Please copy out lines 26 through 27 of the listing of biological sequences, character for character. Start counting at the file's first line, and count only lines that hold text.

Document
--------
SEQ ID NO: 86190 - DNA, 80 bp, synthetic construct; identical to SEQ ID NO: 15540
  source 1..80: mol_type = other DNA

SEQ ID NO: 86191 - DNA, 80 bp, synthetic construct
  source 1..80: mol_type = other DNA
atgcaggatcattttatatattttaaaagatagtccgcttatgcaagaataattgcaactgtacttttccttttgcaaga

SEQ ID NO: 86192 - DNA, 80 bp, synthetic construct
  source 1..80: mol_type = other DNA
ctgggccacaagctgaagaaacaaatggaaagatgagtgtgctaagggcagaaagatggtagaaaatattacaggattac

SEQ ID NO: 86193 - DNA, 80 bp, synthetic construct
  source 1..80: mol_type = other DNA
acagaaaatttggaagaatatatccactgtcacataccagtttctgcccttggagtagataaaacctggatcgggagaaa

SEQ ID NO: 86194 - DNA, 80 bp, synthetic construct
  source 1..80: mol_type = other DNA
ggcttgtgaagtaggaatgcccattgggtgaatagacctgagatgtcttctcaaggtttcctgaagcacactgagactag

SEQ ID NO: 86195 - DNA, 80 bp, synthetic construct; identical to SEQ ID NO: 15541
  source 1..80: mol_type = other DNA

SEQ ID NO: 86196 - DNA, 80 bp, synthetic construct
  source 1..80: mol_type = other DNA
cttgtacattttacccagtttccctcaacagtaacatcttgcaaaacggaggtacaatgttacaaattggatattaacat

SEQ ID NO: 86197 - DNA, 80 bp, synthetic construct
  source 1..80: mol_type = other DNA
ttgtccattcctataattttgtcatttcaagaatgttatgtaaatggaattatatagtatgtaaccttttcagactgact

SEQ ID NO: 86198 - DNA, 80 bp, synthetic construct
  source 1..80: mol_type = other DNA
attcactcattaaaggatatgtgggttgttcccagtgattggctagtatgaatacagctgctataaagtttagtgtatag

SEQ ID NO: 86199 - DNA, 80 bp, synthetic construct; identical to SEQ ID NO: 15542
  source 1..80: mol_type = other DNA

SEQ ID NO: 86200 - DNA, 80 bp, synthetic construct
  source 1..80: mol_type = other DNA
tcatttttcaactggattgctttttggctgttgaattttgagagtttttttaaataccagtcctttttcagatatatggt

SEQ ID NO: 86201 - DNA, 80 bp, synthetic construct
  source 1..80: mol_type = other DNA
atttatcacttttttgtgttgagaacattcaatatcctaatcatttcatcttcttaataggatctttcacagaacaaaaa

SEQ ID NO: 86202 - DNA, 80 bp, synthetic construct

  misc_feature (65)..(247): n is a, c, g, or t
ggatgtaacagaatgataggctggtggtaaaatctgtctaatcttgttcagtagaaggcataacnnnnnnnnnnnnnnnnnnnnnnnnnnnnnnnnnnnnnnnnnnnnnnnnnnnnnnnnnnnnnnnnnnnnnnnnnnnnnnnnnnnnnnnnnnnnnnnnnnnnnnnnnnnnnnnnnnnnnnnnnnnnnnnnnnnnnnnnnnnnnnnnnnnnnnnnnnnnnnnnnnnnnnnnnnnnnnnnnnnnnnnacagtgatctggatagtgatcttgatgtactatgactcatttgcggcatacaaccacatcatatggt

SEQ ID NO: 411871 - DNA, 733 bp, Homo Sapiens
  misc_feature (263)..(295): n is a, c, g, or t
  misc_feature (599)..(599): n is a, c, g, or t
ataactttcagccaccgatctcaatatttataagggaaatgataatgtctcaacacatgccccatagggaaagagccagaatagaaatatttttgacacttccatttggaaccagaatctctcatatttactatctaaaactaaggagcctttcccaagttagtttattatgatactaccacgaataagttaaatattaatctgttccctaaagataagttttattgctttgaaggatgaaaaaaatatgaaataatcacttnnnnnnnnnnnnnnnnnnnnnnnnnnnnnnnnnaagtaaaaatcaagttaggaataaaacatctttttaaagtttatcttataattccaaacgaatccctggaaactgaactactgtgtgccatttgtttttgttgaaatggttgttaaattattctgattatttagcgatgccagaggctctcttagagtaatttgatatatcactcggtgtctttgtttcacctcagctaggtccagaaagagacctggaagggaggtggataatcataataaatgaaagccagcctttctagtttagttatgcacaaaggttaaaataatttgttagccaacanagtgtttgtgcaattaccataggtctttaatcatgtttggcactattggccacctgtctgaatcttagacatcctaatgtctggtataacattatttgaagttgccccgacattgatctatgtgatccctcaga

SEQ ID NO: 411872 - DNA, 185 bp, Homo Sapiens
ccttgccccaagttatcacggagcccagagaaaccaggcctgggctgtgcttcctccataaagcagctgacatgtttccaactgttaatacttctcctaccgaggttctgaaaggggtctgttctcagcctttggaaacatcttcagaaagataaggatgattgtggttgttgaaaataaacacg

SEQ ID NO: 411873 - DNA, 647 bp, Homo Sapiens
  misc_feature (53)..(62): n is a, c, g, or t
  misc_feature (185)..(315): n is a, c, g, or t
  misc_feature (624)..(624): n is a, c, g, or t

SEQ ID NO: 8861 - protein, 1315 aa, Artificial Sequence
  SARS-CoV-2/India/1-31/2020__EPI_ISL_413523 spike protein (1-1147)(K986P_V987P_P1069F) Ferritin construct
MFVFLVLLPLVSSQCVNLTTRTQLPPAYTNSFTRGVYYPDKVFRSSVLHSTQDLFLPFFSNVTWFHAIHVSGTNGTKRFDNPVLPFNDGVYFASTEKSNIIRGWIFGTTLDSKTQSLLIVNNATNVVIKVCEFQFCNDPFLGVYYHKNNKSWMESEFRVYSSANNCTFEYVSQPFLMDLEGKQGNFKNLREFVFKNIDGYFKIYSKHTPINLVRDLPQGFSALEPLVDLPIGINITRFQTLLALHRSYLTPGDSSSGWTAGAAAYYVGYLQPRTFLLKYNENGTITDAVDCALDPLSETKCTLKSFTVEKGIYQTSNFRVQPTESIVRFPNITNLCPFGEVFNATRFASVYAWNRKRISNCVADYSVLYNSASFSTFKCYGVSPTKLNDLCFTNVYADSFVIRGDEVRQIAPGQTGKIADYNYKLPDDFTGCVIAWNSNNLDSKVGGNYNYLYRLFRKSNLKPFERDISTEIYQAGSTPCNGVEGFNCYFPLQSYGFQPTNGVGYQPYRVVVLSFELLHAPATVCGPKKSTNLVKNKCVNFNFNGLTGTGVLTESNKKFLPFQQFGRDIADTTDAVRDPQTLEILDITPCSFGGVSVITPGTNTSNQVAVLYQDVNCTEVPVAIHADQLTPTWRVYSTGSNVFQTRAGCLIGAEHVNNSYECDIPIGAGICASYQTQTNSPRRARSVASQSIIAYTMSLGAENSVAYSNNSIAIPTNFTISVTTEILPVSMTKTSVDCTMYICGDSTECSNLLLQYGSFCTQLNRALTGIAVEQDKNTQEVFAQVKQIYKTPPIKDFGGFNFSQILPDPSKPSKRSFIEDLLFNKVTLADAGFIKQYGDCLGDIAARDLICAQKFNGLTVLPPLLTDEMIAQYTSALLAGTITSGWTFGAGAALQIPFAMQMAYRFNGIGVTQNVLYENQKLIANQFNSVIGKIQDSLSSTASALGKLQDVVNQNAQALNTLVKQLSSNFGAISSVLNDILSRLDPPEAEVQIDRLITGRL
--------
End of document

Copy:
SEQ ID NO: 86199 - DNA, 80 bp, synthetic construct; identical to SEQ ID NO: 15542
  source 1..80: mol_type = other DNA